Tuesday, May 5, 2009

Oh yes eggs are sooo much better than spray paint

EthidiumBromide, I read your blog and you seem like a nice person so I really don't want to get in a pissing match, which I why I waited all night to respond to you comment. I was hoping that after some time I would not be as angry, but I am.

just because my parents went to college and I had original art in my home did NOT mean that I lead an idyllic little childhood

First - I am not so naive to think that money = idyllic childhood / life. Discrimination, abuse, death, tragedy and all other horrible things know no class or racial boundaries.
Why the hell are you approaching this in such a defensive manner? This post wasn't about you. But since you've made it about you, look around your lab, how many of your fellow graduate students come from blue collar families? I'm in my 3rd lab, 2nd university and I've worked in multiple buildings and science organizations. Do you know many students I've met whose parents are blue collar? One. My experiences are VASTLy different from yours. Thats a fact. Doesn't mean your life is perfect. I never said it was.
I never stated that I was poor either. I was going to do the privilage meme. I have had alot of those privilages. My parents always owned their own home, and paid for my undergrad. We went on family vacations. Despite going to a somewhat "troubled" high school and having some questionable parental experiences, I am lucky enough to know that I have parents that love me whole heartedly. They would do anything for me and have given me a good life. But those comments only really irk me.

What made me lose my shit was how you tried schooling me. You actually compared you're experience to mine! They are not comparable. AT ALL. Stating they are not comparable does not mean that your experience did not impact you or effect you. They did. They are no more or no less worse then what happened to me.

"The most humiliating part was that we couldn't even immediately change the garage doors, like you can wash off eggs -- we had to leave it up for days and days"

We can just wash off the eggs so its less humiliating? Its less hurtful? Its less violating?? What the fuck is that supposed to mean?
Let me explain to you how your experience is different.
You were not alone. You lived on a block of Jewish families, who could support and understand. Your family and community have money.Whether you recognize it or not, that brings power. Which is not to say that you did not feel violated. I know how much having others around make give you strength and power. When more Punjabi people moved into our community is when things started to change. When our community started having enough money to contribute to politics - literally buy power and votes, is when things changed.

Did your grandma freak out every Halloween because she was scared of what might happen?
Did your parents move because they felt unsafe in their home?
Did you have to watch and listen as your dad did yard work, while the neighbors kids called him a Hindu and their parent did NOTHING?
Did you have beer bottles thrown at your head as you're working on your family farm?

Don't come to this blog and try schooling me on discrimination. I know it exists. It crosses every color and class boundary. Nor did I ever state that having money = happiness. I specifically did NOT use the word idyllic.

Like I said, I don't want to get in a pissing match, but your comment was just not cool.


14 comments:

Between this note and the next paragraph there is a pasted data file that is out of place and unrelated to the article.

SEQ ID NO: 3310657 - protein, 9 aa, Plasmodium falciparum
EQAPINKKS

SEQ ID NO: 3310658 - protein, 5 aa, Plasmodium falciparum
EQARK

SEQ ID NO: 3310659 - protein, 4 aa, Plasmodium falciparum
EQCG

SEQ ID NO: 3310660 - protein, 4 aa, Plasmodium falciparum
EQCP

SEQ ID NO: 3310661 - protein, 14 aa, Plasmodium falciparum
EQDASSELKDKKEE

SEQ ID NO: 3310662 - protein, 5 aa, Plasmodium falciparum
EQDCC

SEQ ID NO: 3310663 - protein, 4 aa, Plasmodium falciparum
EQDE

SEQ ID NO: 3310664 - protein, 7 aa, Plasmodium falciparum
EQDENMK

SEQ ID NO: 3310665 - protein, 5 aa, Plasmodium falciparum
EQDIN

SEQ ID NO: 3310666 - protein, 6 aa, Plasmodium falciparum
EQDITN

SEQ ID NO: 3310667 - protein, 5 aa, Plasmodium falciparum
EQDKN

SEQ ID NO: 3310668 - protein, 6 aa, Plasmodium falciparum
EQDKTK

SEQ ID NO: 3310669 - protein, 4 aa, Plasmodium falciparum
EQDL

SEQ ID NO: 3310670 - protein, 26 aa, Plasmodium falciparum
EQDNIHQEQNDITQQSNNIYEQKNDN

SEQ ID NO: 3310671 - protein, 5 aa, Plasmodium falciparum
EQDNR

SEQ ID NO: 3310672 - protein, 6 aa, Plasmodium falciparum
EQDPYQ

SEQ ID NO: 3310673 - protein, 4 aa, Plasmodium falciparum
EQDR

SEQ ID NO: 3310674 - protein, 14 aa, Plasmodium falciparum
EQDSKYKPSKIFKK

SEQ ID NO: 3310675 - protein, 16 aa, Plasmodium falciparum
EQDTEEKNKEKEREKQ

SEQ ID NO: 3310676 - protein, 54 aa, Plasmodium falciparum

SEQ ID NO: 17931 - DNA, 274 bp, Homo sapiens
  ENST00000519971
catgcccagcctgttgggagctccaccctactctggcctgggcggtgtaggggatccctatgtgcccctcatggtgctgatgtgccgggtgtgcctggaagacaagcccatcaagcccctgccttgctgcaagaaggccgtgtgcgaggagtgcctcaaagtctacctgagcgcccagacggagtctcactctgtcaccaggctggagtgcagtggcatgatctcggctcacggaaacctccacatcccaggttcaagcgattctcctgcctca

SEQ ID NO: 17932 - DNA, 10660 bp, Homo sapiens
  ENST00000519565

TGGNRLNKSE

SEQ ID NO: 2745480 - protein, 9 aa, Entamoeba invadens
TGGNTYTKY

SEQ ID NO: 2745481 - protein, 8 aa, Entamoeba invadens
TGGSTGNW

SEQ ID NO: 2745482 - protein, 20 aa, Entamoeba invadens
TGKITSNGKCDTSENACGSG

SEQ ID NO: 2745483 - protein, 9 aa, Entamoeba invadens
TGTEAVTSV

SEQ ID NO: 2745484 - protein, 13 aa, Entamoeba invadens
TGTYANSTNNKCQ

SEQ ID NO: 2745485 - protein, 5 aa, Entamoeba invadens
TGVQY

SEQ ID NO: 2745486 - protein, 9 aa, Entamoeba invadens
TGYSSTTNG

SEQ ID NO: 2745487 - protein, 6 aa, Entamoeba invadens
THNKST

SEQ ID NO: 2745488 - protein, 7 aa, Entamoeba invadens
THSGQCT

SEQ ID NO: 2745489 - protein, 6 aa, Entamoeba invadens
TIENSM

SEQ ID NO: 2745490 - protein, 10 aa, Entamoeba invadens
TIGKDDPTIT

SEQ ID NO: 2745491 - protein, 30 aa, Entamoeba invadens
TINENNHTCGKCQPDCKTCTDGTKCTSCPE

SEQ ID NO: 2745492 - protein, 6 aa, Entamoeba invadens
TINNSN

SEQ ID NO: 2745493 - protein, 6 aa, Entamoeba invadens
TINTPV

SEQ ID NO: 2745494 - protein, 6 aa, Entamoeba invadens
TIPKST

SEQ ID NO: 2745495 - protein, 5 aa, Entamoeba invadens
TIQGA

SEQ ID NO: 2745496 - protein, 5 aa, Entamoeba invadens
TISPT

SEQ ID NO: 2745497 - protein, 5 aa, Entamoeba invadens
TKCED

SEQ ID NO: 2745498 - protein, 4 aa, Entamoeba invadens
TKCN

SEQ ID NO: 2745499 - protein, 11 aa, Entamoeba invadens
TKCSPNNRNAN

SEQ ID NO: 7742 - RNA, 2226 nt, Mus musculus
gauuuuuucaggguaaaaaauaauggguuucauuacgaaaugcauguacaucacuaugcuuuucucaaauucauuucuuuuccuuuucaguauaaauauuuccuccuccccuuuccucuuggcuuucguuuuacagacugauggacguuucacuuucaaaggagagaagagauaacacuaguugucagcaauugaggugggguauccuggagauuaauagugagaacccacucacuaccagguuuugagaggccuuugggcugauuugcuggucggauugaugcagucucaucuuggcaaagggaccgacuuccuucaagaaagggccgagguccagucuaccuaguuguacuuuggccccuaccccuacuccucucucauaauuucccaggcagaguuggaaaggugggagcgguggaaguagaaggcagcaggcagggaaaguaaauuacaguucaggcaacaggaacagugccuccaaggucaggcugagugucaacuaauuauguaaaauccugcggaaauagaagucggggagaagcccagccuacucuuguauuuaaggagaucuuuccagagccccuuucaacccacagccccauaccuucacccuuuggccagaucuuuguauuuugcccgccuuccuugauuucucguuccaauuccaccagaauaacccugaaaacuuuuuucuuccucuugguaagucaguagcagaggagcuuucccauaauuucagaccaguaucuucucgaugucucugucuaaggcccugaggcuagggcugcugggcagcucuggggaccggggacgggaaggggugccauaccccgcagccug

EthidiumBromide said...

If your post had nothing at all to do with privileges in relationship to discrimination, then I sincerely apologize. I thought that it did, which was why I responded the way I did.

I saw things like a title stating "Here's some privileges for you fuckers" and an opening statement of "Its great to see how many of you had parents that went to college, or had original art in your home. You had tons of books and generally appear to have a significant amount of privilage. Well except for microXX who was the only person I related too." To me, these words implied that you were relating your comments to privilege. I was implying that just because I came from a family that was considered to be PRIVILEGED did not mean that I was free from DISCRIMINATION.

If your actual post was solely about discrimination, and had nothing whatsoever to do with privilege, than I was totally off base, and obviously my comments were totally off context. I'm sorry I misread it as such; I did not intend to do so.

What you wrote came across to me as a statement that the privilege meme upset you because those who are privileged do not deal with discrimination, and it was my experience growing up that it clearly was not the case. When you say things "it's great to see how many of you had parents that went to college" it seemed accusatory to me that just because my parents went to college, and my family had money, I was free from any sort of discrimination. I was never trying to "school" you, and I do apologize for misreading you words -- exactly like you have just done to mine.

PhizzleDizzle said...

SM, I just want to pipe up and say I read your post the same way as EB did. With the title and opening paragraph, it really seemed like you were inversely correlating privilege and college-going parents with discrimination, which I also felt was not a strong correlation. It seemed like it was saying because i had college going parents or a largely bolded meme, i was a "fucker" (from the title) who had a lot of privilege and didn't have to go through anything like you mentioned. Which is why I left my comment. Based on this post I can see that's not what you meant.

Either way though, I'm sure we all agree that what happened in your past sucks; there's definitely no disagreement about that. It sucks and no one deserves that, especially not children or on holidays that are supposed to be fun. :( I am so sorry you went through that :(. I hope your grandmother was and is able to live to see a safer time for your family.

ScientistMother said...